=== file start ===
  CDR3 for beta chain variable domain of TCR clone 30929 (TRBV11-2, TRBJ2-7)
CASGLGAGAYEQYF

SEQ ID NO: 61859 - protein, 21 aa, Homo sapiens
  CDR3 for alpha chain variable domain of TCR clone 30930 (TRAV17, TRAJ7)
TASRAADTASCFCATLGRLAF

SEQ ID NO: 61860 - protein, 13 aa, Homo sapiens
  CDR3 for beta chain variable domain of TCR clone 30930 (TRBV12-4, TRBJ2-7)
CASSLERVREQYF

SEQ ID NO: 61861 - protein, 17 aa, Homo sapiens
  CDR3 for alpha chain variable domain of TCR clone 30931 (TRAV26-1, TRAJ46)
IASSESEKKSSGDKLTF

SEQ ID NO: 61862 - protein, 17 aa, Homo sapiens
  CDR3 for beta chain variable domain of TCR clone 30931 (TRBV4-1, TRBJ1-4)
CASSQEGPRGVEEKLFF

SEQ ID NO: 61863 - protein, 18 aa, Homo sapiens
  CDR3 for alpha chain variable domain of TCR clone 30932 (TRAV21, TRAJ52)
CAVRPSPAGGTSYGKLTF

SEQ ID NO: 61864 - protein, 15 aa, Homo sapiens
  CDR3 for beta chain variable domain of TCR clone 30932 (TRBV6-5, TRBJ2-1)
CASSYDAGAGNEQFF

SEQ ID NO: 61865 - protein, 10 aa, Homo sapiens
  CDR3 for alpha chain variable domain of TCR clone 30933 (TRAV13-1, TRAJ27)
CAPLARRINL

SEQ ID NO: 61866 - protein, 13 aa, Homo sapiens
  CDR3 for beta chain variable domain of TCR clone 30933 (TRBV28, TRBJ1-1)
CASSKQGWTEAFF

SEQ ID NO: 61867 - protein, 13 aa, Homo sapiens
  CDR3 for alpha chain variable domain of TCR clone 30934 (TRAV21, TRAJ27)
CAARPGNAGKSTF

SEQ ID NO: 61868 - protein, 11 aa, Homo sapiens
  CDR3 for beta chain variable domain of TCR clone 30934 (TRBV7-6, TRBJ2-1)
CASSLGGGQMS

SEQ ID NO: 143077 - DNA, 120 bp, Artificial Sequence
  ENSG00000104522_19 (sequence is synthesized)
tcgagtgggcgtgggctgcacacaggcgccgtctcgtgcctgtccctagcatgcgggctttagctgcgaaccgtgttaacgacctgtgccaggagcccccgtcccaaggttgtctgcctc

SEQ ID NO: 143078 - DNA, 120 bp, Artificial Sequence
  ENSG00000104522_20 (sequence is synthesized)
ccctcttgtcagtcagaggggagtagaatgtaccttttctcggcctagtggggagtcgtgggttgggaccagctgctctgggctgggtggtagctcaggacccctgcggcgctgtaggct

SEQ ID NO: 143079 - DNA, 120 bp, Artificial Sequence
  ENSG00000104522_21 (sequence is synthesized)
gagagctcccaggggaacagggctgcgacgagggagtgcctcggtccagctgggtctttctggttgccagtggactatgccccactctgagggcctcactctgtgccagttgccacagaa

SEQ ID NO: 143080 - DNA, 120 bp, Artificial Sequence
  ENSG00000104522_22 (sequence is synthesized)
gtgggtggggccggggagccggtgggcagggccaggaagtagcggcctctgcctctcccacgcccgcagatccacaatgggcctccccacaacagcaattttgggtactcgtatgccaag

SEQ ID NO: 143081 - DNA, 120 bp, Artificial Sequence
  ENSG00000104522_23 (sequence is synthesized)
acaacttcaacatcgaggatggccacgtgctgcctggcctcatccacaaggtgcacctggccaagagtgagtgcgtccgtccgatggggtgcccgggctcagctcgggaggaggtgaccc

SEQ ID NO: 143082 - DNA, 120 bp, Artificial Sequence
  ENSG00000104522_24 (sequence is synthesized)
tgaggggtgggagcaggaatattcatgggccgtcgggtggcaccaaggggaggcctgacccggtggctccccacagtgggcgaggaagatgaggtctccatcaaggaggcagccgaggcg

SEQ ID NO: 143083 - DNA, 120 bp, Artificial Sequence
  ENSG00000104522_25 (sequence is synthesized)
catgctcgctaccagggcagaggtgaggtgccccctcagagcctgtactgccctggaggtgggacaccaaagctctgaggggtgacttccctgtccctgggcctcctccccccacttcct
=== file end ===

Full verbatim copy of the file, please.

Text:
  CDR3 for beta chain variable domain of TCR clone 30929 (TRBV11-2, TRBJ2-7)
CASGLGAGAYEQYF

SEQ ID NO: 61859 - protein, 21 aa, Homo sapiens
  CDR3 for alpha chain variable domain of TCR clone 30930 (TRAV17, TRAJ7)
TASRAADTASCFCATLGRLAF

SEQ ID NO: 61860 - protein, 13 aa, Homo sapiens
  CDR3 for beta chain variable domain of TCR clone 30930 (TRBV12-4, TRBJ2-7)
CASSLERVREQYF

SEQ ID NO: 61861 - protein, 17 aa, Homo sapiens
  CDR3 for alpha chain variable domain of TCR clone 30931 (TRAV26-1, TRAJ46)
IASSESEKKSSGDKLTF

SEQ ID NO: 61862 - protein, 17 aa, Homo sapiens
  CDR3 for beta chain variable domain of TCR clone 30931 (TRBV4-1, TRBJ1-4)
CASSQEGPRGVEEKLFF

SEQ ID NO: 61863 - protein, 18 aa, Homo sapiens
  CDR3 for alpha chain variable domain of TCR clone 30932 (TRAV21, TRAJ52)
CAVRPSPAGGTSYGKLTF

SEQ ID NO: 61864 - protein, 15 aa, Homo sapiens
  CDR3 for beta chain variable domain of TCR clone 30932 (TRBV6-5, TRBJ2-1)
CASSYDAGAGNEQFF

SEQ ID NO: 61865 - protein, 10 aa, Homo sapiens
  CDR3 for alpha chain variable domain of TCR clone 30933 (TRAV13-1, TRAJ27)
CAPLARRINL

SEQ ID NO: 61866 - protein, 13 aa, Homo sapiens
  CDR3 for beta chain variable domain of TCR clone 30933 (TRBV28, TRBJ1-1)
CASSKQGWTEAFF

SEQ ID NO: 61867 - protein, 13 aa, Homo sapiens
  CDR3 for alpha chain variable domain of TCR clone 30934 (TRAV21, TRAJ27)
CAARPGNAGKSTF

SEQ ID NO: 61868 - protein, 11 aa, Homo sapiens
  CDR3 for beta chain variable domain of TCR clone 30934 (TRBV7-6, TRBJ2-1)
CASSLGGGQMS

SEQ ID NO: 143077 - DNA, 120 bp, Artificial Sequence
  ENSG00000104522_19 (sequence is synthesized)
tcgagtgggcgtgggctgcacacaggcgccgtctcgtgcctgtccctagcatgcgggctttagctgcgaaccgtgttaacgacctgtgccaggagcccccgtcccaaggttgtctgcctc

SEQ ID NO: 143078 - DNA, 120 bp, Artificial Sequence
  ENSG00000104522_20 (sequence is synthesized)
ccctcttgtcagtcagaggggagtagaatgtaccttttctcggcctagtggggagtcgtgggttgggaccagctgctctgggctgggtggtagctcaggacccctgcggcgctgtaggct

SEQ ID NO: 143079 - DNA, 120 bp, Artificial Sequence
  ENSG00000104522_21 (sequence is synthesized)
gagagctcccaggggaacagggctgcgacgagggagtgcctcggtccagctgggtctttctggttgccagtggactatgccccactctgagggcctcactctgtgccagttgccacagaa

SEQ ID NO: 143080 - DNA, 120 bp, Artificial Sequence
  ENSG00000104522_22 (sequence is synthesized)
gtgggtggggccggggagccggtgggcagggccaggaagtagcggcctctgcctctcccacgcccgcagatccacaatgggcctccccacaacagcaattttgggtactcgtatgccaag

SEQ ID NO: 143081 - DNA, 120 bp, Artificial Sequence
  ENSG00000104522_23 (sequence is synthesized)
acaacttcaacatcgaggatggccacgtgctgcctggcctcatccacaaggtgcacctggccaagagtgagtgcgtccgtccgatggggtgcccgggctcagctcgggaggaggtgaccc

SEQ ID NO: 143082 - DNA, 120 bp, Artificial Sequence
  ENSG00000104522_24 (sequence is synthesized)
tgaggggtgggagcaggaatattcatgggccgtcgggtggcaccaaggggaggcctgacccggtggctccccacagtgggcgaggaagatgaggtctccatcaaggaggcagccgaggcg

SEQ ID NO: 143083 - DNA, 120 bp, Artificial Sequence
  ENSG00000104522_25 (sequence is synthesized)
catgctcgctaccagggcagaggtgaggtgccccctcagagcctgtactgccctggaggtgggacaccaaagctctgaggggtgacttccctgtccctgggcctcctccccccacttcct